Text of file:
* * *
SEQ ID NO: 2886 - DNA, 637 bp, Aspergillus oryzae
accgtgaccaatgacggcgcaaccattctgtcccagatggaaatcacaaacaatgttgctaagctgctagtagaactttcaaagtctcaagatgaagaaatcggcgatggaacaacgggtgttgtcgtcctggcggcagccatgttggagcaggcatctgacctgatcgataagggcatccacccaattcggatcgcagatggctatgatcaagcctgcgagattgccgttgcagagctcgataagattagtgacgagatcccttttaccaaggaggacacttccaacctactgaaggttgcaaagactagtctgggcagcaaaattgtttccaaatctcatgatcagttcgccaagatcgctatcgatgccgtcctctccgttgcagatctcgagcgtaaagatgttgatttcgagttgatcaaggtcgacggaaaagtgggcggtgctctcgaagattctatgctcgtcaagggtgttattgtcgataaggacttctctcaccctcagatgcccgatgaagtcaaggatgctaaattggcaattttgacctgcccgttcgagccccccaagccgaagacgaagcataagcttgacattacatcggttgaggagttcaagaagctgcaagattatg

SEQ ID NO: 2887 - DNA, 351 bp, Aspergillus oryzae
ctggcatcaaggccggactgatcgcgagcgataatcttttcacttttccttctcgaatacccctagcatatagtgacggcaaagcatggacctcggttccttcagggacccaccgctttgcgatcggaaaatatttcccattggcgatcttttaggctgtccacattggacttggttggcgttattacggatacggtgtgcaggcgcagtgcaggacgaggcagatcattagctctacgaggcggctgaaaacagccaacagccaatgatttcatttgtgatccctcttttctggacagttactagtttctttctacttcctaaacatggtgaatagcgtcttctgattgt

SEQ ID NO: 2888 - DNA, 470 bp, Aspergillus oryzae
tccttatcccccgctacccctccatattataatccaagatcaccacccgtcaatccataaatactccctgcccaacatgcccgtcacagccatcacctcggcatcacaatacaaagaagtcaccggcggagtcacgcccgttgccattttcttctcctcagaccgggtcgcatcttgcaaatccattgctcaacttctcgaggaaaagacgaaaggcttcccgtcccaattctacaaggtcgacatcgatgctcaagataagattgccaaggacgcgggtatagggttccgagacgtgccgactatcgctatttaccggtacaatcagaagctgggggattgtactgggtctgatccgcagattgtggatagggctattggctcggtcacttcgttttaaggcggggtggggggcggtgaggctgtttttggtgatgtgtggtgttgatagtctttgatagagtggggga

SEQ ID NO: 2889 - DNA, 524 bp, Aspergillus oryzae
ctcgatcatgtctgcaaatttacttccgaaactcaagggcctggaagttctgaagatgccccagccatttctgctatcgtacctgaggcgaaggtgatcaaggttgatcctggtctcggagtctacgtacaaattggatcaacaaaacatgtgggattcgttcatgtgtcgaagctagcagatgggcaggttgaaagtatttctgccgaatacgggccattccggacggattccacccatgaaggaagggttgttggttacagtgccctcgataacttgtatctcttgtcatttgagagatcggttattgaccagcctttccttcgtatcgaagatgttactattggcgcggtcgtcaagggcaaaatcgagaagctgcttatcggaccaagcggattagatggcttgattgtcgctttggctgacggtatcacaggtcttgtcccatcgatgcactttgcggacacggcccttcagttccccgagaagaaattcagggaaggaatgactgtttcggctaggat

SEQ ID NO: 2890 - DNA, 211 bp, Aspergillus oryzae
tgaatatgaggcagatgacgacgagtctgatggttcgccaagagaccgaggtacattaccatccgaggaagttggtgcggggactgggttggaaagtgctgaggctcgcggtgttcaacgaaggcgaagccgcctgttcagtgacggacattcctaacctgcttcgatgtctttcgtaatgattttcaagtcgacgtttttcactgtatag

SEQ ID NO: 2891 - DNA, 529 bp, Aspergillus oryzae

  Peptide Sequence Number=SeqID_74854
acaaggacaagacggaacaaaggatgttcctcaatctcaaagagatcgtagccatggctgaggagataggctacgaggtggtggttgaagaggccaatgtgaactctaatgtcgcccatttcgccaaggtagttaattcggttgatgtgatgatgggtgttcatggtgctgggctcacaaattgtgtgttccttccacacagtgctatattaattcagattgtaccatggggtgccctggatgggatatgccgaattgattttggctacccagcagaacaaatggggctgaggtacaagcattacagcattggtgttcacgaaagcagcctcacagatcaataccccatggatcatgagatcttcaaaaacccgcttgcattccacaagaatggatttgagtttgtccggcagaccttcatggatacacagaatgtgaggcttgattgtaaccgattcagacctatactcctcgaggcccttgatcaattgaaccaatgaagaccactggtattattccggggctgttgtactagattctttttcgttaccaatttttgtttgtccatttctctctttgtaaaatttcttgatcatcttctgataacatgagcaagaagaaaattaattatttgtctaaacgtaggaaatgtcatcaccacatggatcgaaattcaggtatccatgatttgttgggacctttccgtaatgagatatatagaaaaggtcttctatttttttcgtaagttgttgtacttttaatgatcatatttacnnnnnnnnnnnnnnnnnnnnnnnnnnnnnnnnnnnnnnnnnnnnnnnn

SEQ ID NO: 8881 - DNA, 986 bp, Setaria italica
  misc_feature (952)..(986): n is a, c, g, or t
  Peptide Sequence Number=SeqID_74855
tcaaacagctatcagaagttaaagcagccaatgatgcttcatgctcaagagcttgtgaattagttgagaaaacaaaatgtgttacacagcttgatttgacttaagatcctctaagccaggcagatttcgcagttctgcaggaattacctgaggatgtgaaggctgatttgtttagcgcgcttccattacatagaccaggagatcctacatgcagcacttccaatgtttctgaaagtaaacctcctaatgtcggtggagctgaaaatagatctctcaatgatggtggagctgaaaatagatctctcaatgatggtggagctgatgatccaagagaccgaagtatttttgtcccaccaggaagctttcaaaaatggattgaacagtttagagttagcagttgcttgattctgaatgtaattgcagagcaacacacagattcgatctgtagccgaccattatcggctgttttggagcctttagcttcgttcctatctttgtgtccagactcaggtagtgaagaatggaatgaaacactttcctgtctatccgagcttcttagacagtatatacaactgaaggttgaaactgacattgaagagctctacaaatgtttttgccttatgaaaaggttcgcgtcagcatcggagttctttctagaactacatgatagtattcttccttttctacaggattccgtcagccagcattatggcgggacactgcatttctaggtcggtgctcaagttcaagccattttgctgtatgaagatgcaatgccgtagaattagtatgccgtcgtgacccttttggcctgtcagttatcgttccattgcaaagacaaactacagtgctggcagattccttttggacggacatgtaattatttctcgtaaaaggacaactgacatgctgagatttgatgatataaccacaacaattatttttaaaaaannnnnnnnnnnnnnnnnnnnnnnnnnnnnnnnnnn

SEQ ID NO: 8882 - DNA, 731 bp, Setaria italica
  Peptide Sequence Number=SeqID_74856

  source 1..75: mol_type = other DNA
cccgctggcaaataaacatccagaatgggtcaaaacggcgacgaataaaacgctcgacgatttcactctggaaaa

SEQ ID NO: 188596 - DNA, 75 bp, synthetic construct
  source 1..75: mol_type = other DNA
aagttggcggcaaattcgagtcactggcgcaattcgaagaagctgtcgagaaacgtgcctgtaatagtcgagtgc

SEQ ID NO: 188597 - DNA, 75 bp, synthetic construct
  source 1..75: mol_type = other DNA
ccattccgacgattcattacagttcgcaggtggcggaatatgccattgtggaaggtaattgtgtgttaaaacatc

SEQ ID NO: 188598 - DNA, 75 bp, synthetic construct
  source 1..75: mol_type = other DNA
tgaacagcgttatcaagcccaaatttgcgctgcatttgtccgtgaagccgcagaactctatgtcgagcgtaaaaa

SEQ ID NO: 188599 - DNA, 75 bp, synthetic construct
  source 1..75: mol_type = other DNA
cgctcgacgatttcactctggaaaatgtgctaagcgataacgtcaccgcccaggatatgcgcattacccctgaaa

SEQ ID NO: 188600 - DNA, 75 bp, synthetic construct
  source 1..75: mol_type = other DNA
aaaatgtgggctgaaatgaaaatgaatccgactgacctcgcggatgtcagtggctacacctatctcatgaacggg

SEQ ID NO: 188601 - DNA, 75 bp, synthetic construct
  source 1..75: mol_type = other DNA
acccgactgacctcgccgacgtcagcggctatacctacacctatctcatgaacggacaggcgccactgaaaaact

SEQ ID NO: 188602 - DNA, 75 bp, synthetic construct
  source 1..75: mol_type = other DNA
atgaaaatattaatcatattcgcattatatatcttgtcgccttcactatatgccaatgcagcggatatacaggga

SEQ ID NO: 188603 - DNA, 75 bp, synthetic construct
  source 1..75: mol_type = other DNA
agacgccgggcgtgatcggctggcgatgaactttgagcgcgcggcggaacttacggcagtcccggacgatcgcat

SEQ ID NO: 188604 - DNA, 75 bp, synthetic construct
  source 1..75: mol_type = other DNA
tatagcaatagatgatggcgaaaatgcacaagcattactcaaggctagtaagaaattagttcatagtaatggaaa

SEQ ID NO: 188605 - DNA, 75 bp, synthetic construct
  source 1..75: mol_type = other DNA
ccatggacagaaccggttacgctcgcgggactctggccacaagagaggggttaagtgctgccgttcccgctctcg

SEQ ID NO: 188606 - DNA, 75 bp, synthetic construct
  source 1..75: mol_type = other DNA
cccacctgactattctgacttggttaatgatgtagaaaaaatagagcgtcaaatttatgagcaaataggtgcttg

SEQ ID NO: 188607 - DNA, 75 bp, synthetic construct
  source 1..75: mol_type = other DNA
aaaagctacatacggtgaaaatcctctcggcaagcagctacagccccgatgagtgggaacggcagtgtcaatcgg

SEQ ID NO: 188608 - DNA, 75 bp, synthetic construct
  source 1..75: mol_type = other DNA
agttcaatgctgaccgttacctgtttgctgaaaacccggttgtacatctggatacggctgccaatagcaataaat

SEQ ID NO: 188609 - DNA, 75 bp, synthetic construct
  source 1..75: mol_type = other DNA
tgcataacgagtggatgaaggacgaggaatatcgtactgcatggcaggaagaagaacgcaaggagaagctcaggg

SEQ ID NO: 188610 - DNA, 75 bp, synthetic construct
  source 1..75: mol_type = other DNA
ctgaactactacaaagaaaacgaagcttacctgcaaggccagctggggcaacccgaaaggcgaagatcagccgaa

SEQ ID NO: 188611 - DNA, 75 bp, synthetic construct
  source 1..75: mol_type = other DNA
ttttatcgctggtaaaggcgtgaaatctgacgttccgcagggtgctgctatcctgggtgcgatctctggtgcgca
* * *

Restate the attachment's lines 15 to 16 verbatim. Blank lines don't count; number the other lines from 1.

  misc_feature (952)..(986): n is a, c, g, or t
  Peptide Sequence Number=SeqID_74855